Incidentally, the noble Baroness was right to say that many smaller retailers did not initially want or welcome the exemption included when this initiative first came in a few years ago. As someone who, as part of the coalition Government, campaigned hard for this change, I made that point many times during the debate. I too see this as a sort of catching up, or the correction of an initial flaw.
The noble Baroness asked, as did the noble Baroness, Lady Jones, whether the Government had plans to introduce reporting on bags for life. We are reviewing the reporting for single-use carrier bags, and we will consider extending the reporting requirements to bags for life as part of that.
Finally, the noble Baroness asked what further steps the Government were taking to get other problematic plastic off our shelves. In addition to the measures that she mentioned, we are delivering on promises from the resource and waste strategy through seeking powers in the Environment Bill to do a whole range of things, including: charging for single-use plastic items; introducing, as I said earlier, a deposit return scheme; reforming the packaging waste regulations; introducing greater consistency in household and business recycling collections; and more besides. We are currently assessing whether there are additional items for which a ban would be suitable and proportionate, and I would welcome ideas from her and her colleagues—and, indeed, from anyone else who has taken part in the debate—as we undergo that process.
That brings me to the contribution of the noble Baroness, Lady Jones. I thank her for prior notice of her questions, and for her and her party’s support for this measure. First, she too asked what the Government were doing about bags for life. I have addressed part of her question already, but I should add that bags for life are designed for multiple reuses; that is the whole point of them. Customers should therefore be encouraged to reuse them. If they are reused sufficiently, they have a lighter environmental impact than single-use bags. Clearly, if they are used only once, they do not. There will be an increase in the number of bags for life—we know that—but the policy change will lead to an overall reduction of at least 24% in the number of bags across all types. However, I agree with the noble Baroness that bags for life are not a proper long-term solution. They are not. The more progressive and thoughtful supermarkets are already planning their switch away from all plastic bags; a number of noble Lords have mentioned Morrisons.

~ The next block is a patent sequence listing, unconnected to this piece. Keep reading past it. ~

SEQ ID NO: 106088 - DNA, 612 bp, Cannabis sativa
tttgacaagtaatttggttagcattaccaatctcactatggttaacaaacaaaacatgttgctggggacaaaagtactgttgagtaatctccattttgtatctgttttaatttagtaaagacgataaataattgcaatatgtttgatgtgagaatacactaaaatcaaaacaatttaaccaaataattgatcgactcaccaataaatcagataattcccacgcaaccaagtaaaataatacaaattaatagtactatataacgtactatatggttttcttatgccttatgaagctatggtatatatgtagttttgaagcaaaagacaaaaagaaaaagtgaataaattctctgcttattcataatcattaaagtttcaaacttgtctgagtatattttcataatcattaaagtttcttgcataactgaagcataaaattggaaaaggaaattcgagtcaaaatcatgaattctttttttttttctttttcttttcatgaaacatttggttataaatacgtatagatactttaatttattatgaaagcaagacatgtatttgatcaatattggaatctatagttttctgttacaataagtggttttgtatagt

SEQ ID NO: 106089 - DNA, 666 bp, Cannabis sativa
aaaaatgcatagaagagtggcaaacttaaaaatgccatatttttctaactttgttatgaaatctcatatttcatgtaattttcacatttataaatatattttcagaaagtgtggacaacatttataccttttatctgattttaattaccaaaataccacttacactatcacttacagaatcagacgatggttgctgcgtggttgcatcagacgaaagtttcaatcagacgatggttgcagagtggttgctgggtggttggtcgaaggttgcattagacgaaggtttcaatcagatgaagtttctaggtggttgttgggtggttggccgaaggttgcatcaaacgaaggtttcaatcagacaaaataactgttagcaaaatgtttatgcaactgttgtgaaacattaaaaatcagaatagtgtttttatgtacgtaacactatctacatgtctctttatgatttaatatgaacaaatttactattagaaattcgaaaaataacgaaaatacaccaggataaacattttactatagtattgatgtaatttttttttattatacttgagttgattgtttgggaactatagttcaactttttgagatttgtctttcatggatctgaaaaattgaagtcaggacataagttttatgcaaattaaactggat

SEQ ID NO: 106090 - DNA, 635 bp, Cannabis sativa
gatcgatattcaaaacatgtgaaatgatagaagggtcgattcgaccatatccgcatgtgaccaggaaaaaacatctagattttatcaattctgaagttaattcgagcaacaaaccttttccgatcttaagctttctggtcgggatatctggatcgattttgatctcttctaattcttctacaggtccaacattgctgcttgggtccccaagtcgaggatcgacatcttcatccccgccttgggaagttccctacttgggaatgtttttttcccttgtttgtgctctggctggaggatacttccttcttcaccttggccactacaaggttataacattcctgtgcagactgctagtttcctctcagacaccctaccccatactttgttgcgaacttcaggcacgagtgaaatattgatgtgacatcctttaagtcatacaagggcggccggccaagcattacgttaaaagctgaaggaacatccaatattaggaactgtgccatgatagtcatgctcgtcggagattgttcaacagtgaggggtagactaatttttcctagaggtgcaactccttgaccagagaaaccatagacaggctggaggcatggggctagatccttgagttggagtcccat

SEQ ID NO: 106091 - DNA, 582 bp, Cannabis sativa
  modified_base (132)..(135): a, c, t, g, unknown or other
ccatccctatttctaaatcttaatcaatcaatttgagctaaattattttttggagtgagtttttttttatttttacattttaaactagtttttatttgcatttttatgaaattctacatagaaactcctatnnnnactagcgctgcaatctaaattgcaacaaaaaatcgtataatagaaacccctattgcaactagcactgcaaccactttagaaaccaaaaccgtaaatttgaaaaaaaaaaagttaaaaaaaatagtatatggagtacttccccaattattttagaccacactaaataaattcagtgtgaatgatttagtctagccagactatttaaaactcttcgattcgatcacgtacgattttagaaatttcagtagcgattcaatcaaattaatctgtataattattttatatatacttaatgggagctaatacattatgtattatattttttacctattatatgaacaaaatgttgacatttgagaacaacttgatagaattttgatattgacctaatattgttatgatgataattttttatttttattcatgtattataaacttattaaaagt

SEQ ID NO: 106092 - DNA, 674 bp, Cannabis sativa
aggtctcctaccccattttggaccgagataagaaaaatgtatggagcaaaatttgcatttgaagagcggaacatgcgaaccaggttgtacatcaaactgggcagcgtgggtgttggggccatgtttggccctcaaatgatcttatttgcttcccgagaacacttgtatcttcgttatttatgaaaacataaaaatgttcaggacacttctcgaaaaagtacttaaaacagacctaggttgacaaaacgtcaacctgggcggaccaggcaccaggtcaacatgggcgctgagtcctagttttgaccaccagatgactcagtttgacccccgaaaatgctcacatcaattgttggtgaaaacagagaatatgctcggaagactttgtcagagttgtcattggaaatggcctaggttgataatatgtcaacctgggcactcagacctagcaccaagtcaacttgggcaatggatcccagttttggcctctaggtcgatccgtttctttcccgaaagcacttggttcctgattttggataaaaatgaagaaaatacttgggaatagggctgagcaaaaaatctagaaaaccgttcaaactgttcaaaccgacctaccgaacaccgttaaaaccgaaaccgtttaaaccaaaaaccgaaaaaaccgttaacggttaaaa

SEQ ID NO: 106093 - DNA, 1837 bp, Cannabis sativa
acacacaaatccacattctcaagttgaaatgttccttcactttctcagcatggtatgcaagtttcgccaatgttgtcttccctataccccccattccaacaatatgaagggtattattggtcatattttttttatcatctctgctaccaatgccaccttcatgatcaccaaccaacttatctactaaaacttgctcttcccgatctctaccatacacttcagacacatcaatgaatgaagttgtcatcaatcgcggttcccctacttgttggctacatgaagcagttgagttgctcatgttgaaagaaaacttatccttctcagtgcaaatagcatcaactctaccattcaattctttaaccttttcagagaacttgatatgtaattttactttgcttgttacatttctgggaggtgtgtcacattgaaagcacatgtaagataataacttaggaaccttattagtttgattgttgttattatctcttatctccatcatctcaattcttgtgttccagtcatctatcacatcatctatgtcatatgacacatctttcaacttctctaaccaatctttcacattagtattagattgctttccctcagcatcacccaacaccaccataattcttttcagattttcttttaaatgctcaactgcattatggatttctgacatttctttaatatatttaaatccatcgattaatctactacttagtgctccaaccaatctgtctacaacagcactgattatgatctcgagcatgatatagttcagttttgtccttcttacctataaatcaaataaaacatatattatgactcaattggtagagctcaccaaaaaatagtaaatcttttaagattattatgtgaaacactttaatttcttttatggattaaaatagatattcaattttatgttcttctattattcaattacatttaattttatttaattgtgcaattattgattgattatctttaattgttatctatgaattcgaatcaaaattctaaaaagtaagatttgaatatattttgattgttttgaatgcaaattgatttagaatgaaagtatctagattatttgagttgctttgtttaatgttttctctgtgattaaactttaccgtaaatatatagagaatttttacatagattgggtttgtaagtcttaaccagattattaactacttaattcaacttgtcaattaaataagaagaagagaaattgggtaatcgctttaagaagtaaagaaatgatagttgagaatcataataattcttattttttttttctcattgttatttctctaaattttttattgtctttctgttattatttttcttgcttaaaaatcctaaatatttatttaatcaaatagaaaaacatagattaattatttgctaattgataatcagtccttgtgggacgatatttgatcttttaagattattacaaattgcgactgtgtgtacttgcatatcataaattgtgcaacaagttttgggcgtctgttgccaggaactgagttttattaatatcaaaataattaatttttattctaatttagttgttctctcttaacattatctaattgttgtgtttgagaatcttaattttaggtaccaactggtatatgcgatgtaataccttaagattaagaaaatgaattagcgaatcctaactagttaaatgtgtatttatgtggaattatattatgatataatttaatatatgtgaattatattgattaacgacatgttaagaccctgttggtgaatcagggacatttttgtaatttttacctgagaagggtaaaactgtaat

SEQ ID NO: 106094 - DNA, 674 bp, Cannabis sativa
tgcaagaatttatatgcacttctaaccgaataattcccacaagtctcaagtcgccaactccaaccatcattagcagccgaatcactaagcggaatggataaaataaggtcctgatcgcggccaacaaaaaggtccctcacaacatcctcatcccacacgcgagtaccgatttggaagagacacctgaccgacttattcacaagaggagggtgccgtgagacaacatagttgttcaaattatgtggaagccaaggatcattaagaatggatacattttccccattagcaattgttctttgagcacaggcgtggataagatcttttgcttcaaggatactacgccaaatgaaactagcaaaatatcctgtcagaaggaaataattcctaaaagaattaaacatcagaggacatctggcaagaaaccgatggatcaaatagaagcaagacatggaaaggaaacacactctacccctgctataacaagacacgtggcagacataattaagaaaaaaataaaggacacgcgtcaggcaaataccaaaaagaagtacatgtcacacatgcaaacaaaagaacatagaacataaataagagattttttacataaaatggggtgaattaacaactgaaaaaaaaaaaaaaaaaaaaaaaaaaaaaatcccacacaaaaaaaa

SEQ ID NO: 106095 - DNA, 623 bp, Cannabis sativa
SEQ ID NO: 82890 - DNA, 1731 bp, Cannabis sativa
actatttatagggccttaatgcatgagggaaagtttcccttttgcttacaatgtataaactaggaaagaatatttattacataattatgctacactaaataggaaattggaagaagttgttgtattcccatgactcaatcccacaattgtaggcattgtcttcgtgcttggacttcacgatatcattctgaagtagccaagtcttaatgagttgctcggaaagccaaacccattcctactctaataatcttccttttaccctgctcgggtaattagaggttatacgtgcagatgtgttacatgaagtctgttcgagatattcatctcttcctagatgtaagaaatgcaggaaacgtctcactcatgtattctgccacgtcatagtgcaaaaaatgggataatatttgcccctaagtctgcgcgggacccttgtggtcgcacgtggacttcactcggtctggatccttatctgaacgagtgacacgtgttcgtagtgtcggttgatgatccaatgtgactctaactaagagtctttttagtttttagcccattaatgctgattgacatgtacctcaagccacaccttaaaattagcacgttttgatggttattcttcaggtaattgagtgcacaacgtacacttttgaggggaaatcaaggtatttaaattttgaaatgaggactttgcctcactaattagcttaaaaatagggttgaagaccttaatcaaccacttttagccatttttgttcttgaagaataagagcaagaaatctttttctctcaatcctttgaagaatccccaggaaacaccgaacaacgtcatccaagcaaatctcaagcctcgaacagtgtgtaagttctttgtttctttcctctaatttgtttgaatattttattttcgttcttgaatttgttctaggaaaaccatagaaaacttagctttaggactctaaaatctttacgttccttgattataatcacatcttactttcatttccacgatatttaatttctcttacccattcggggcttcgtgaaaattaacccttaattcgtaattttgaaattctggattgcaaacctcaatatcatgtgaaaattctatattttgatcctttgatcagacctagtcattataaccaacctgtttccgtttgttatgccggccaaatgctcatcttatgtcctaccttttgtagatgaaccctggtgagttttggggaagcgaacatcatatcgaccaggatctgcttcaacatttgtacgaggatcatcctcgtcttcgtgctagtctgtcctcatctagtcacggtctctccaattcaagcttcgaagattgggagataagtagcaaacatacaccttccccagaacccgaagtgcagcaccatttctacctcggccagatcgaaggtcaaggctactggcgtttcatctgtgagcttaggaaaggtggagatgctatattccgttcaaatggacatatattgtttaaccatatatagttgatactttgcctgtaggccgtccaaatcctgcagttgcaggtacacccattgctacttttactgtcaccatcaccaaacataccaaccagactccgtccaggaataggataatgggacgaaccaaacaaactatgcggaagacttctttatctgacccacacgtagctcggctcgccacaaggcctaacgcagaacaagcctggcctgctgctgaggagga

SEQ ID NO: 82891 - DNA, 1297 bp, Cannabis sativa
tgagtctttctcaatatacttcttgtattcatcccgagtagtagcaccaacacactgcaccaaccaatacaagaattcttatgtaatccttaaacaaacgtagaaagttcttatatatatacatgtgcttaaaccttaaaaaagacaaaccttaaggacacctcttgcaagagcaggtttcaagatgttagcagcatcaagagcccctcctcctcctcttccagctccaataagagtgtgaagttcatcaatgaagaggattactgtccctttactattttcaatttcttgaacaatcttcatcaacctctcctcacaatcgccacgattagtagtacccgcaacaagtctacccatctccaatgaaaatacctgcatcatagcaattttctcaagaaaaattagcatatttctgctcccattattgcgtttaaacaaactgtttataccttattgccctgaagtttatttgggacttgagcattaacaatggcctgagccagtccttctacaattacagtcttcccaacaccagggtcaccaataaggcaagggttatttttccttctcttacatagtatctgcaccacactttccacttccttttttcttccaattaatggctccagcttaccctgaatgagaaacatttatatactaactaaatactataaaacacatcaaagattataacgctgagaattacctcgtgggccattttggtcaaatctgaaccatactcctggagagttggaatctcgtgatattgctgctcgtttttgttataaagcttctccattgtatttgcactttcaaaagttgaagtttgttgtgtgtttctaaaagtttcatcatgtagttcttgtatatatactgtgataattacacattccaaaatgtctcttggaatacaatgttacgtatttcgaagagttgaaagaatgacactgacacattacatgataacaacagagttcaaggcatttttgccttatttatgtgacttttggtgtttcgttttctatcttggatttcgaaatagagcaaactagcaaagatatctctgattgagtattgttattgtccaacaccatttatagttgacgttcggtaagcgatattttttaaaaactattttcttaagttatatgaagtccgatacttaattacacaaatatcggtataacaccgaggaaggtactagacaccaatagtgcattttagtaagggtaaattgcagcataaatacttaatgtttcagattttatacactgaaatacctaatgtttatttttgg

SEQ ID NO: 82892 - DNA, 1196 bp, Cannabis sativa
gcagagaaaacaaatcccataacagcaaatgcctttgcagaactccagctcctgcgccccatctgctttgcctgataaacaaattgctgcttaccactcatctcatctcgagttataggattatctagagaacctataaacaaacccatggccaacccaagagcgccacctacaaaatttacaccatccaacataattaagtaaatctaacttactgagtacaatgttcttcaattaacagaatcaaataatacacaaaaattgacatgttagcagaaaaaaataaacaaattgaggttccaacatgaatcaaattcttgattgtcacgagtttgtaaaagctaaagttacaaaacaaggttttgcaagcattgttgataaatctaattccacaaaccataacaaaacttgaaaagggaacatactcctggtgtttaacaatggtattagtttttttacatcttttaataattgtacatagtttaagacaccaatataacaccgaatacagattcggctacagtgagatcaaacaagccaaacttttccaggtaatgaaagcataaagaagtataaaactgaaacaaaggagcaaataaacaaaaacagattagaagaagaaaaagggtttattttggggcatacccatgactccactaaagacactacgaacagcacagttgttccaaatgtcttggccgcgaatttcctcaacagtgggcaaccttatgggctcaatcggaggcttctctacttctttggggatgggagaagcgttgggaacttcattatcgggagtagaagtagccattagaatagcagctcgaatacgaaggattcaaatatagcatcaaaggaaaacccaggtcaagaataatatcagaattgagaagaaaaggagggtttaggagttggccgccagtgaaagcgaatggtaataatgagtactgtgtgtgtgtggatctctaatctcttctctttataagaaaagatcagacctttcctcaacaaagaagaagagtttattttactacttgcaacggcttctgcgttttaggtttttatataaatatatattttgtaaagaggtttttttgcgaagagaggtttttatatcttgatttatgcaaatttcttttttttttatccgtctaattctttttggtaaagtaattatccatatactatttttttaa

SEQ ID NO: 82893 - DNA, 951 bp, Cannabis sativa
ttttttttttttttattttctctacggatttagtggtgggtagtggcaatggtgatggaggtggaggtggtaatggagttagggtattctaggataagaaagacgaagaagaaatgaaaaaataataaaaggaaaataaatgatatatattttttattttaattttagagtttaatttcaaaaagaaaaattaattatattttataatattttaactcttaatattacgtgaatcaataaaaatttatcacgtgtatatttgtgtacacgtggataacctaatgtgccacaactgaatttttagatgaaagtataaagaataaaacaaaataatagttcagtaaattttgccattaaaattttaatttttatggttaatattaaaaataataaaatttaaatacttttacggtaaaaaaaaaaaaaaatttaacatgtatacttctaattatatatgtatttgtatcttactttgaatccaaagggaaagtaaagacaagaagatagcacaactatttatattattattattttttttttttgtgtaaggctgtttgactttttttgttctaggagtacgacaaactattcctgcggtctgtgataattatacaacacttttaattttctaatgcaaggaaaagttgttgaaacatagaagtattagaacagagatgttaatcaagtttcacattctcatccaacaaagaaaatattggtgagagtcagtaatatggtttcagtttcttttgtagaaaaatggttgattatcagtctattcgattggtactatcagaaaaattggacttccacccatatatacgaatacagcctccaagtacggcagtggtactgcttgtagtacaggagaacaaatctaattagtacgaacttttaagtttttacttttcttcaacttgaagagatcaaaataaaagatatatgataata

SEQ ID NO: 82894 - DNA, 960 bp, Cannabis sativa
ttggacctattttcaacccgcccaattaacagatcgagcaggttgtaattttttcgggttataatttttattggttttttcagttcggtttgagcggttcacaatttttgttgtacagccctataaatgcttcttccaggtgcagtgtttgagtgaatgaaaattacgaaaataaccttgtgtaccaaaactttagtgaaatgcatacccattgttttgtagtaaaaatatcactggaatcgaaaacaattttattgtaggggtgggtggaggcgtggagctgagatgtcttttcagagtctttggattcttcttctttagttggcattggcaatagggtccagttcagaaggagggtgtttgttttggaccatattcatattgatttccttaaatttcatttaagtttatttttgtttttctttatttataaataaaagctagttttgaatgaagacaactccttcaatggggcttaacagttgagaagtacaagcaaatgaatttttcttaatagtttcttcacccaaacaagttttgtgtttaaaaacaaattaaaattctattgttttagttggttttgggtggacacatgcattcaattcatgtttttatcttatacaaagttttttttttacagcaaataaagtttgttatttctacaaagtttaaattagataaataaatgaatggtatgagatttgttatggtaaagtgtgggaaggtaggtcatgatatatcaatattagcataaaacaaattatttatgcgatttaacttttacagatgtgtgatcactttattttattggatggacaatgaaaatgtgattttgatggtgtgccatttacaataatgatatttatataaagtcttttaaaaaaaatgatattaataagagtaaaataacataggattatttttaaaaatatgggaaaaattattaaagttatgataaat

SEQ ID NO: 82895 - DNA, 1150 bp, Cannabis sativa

The noble Baroness asked whether we will hike the price of bags for life, as did a number of noble Lords. We are considering that as part of the post-implementation review. The noble Baroness and the noble Lord, Lord Khan, suggested that money should be recycled back into plastic and waste-related causes. Again, I will convey that message, but I would prefer money to be recycled into a wider remit, something environmental and local as far as possible.
Secondly, the noble Baroness asked how the UK will encourage manufacturers to take responsibility for plastic bags. We are committed to introducing a new, world-leading tax which will apply to businesses producing or importing plastic packaging which does not meet a minimum threshold of at least 30% recycled content from April 2022. Combined with our reform to the packing producer responsibility system which will apply to all packing, including single-use plastic bags, it will change economic incentives by encouraging more use of recycled plastic and drive up recycling rates. We are doing what we need to do to shift the emphasis away from consumers to producer responsibility.
Finally, the noble Baroness asked why all plastic bags—
I am sorry; we are running out of time.
I apologise. I think I have answered the questions that were put to me and any more is merely an indulgence, so I will simply say that we are taking steps to reduce our reliance on single-use plastics and to explore more sustainable alternatives. This draft order will help us to do so, and I commend it to the Committee.
That completes the business before the Grand Committee this afternoon. I remind Members to sanitise their desks and chairs before leaving the Room.
Committee adjourned at 5.21 pm.